Conveniently today’s SEP Spring Showcase is just a short walk from CrossFit South Brooklyn, where “Get Fit or Be Hacking” is happening at today at 2pm. As I blogged about several weeks ago, “Get Fit or Be Hacking” is the coding+fitness competition my friend Rob Underwood organized to raise money for CSNYC. The event is open to the public if you’d like to cheer on the teams. There is also an after-party at Three’s Brewing at 5pm that you’re welcome to stop by — Sean Stern, one of the star CS teachers from the Academy for Software Engineering, will be at Three’s among other friends and advocates for computer science.

If you’d like to support CSNYC and programs like SEP, think about supporting one of the teams competing at Get Fit or Be Hacking by making a donation on the “Get Fit or Be Hacking” fundraising page on Crowdrise. And if you enjoy watching amazing kids do amazing things with code, check out today’s SEP Spring Showcase.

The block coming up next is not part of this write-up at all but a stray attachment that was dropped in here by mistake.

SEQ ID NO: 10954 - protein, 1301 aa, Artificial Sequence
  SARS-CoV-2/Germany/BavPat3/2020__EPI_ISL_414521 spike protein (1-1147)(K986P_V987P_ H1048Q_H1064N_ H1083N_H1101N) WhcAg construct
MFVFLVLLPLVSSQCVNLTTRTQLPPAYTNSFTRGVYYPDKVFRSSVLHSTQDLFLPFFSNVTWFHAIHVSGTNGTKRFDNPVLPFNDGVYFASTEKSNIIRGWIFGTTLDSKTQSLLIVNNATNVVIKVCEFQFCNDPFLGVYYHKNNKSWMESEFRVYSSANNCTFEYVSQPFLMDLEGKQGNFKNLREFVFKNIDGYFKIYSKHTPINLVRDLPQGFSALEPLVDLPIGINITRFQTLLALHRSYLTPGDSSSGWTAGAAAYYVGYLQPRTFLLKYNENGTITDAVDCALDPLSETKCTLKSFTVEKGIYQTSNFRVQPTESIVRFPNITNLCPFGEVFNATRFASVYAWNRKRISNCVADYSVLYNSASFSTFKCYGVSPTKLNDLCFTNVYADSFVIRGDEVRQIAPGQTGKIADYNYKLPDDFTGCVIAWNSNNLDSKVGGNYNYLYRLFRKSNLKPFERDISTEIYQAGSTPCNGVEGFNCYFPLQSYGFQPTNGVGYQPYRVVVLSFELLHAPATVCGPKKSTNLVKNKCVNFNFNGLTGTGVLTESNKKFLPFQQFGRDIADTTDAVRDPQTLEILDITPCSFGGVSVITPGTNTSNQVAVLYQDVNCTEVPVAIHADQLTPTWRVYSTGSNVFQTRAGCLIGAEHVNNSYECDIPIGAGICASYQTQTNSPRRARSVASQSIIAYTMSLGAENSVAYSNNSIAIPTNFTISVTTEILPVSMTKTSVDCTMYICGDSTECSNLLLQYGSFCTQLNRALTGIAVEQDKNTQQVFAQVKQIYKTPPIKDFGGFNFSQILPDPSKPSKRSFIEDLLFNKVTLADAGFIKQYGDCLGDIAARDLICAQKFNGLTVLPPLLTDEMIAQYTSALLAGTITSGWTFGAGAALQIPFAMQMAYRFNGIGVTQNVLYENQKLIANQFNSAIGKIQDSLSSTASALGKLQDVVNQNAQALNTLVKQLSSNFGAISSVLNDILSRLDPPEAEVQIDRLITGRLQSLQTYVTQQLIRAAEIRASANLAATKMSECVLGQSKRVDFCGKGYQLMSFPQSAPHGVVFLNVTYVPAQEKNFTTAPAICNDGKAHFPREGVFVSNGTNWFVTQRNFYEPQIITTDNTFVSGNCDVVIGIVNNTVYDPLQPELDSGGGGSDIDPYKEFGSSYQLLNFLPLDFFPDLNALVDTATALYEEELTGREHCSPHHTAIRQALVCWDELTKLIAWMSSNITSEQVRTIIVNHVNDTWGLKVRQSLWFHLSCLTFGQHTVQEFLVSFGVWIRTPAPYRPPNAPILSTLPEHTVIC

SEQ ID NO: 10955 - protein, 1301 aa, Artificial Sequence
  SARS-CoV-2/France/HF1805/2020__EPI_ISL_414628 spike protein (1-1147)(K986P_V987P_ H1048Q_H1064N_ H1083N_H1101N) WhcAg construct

Fun Friday: Teach A Kid To Code

You know what is fun? It’s fun to show somebody how to do something powerful. It’s fun to give somebody the superpowers you have.

So if you know how to code, it’s really fun to teach kids how to do it.

And if you want to have that kind of fun, you should check out a program called TEALS. I’ve written about TEALS before here at AVC, but in short, you stop by a school on the way to work and teach a first period computer science class in combination with a teacher who works in the school.